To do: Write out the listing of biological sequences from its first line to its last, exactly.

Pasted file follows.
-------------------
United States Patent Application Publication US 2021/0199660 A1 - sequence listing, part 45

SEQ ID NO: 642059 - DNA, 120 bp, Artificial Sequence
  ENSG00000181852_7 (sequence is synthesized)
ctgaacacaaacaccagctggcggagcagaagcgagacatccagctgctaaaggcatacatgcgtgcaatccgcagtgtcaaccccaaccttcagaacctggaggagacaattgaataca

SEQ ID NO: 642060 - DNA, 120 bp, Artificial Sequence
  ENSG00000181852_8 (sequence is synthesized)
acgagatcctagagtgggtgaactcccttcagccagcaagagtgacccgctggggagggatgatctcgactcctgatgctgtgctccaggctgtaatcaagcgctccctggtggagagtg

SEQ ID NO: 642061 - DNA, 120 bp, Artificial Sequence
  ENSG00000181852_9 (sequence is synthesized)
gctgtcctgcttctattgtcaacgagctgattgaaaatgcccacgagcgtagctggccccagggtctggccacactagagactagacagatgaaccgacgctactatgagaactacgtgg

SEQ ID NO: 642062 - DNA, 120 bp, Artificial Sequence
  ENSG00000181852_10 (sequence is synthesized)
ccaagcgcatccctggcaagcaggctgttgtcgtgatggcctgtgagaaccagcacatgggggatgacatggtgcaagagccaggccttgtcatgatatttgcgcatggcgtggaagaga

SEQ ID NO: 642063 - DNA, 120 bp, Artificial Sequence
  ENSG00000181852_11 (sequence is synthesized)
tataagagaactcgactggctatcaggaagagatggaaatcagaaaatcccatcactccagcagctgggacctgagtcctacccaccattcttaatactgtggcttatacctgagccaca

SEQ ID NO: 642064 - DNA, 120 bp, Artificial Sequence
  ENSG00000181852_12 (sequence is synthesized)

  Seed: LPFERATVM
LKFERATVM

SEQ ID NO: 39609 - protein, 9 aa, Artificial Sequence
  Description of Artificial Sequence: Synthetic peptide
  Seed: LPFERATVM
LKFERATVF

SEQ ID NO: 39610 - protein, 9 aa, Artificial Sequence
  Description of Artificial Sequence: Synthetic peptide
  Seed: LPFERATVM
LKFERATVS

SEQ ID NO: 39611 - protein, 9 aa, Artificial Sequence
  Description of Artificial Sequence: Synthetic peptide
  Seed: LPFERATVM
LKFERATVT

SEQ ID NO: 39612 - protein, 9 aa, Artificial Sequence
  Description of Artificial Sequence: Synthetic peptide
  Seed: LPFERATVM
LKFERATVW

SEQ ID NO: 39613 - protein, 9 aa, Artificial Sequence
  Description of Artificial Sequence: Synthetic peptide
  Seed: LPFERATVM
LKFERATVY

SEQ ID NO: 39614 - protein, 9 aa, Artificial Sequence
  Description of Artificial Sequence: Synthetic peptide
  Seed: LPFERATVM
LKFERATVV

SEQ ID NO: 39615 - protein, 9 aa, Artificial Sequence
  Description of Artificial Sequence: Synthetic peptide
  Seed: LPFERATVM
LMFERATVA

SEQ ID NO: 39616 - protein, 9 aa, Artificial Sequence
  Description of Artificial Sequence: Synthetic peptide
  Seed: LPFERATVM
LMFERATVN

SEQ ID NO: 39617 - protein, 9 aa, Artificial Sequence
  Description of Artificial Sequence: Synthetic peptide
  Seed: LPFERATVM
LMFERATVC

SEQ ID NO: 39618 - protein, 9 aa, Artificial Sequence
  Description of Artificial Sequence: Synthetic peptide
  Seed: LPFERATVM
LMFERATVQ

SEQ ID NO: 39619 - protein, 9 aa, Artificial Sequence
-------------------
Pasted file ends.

United States Patent Application Publication US 2021/0199660 A1 - sequence listing, part 45

SEQ ID NO: 642059 - DNA, 120 bp, Artificial Sequence
  ENSG00000181852_7 (sequence is synthesized)
ctgaacacaaacaccagctggcggagcagaagcgagacatccagctgctaaaggcatacatgcgtgcaatccgcagtgtcaaccccaaccttcagaacctggaggagacaattgaataca

SEQ ID NO: 642060 - DNA, 120 bp, Artificial Sequence
  ENSG00000181852_8 (sequence is synthesized)
acgagatcctagagtgggtgaactcccttcagccagcaagagtgacccgctggggagggatgatctcgactcctgatgctgtgctccaggctgtaatcaagcgctccctggtggagagtg

SEQ ID NO: 642061 - DNA, 120 bp, Artificial Sequence
  ENSG00000181852_9 (sequence is synthesized)
gctgtcctgcttctattgtcaacgagctgattgaaaatgcccacgagcgtagctggccccagggtctggccacactagagactagacagatgaaccgacgctactatgagaactacgtgg

SEQ ID NO: 642062 - DNA, 120 bp, Artificial Sequence
  ENSG00000181852_10 (sequence is synthesized)
ccaagcgcatccctggcaagcaggctgttgtcgtgatggcctgtgagaaccagcacatgggggatgacatggtgcaagagccaggccttgtcatgatatttgcgcatggcgtggaagaga

SEQ ID NO: 642063 - DNA, 120 bp, Artificial Sequence
  ENSG00000181852_11 (sequence is synthesized)
tataagagaactcgactggctatcaggaagagatggaaatcagaaaatcccatcactccagcagctgggacctgagtcctacccaccattcttaatactgtggcttatacctgagccaca

SEQ ID NO: 642064 - DNA, 120 bp, Artificial Sequence
  ENSG00000181852_12 (sequence is synthesized)

  Seed: LPFERATVM
LKFERATVM

SEQ ID NO: 39609 - protein, 9 aa, Artificial Sequence
  Description of Artificial Sequence: Synthetic peptide
  Seed: LPFERATVM
LKFERATVF

SEQ ID NO: 39610 - protein, 9 aa, Artificial Sequence
  Description of Artificial Sequence: Synthetic peptide
  Seed: LPFERATVM
LKFERATVS

SEQ ID NO: 39611 - protein, 9 aa, Artificial Sequence
  Description of Artificial Sequence: Synthetic peptide
  Seed: LPFERATVM
LKFERATVT

SEQ ID NO: 39612 - protein, 9 aa, Artificial Sequence
  Description of Artificial Sequence: Synthetic peptide
  Seed: LPFERATVM
LKFERATVW

SEQ ID NO: 39613 - protein, 9 aa, Artificial Sequence
  Description of Artificial Sequence: Synthetic peptide
  Seed: LPFERATVM
LKFERATVY

SEQ ID NO: 39614 - protein, 9 aa, Artificial Sequence
  Description of Artificial Sequence: Synthetic peptide
  Seed: LPFERATVM
LKFERATVV

SEQ ID NO: 39615 - protein, 9 aa, Artificial Sequence
  Description of Artificial Sequence: Synthetic peptide
  Seed: LPFERATVM
LMFERATVA

SEQ ID NO: 39616 - protein, 9 aa, Artificial Sequence
  Description of Artificial Sequence: Synthetic peptide
  Seed: LPFERATVM
LMFERATVN

SEQ ID NO: 39617 - protein, 9 aa, Artificial Sequence
  Description of Artificial Sequence: Synthetic peptide
  Seed: LPFERATVM
LMFERATVC

SEQ ID NO: 39618 - protein, 9 aa, Artificial Sequence
  Description of Artificial Sequence: Synthetic peptide
  Seed: LPFERATVM
LMFERATVQ

SEQ ID NO: 39619 - protein, 9 aa, Artificial Sequence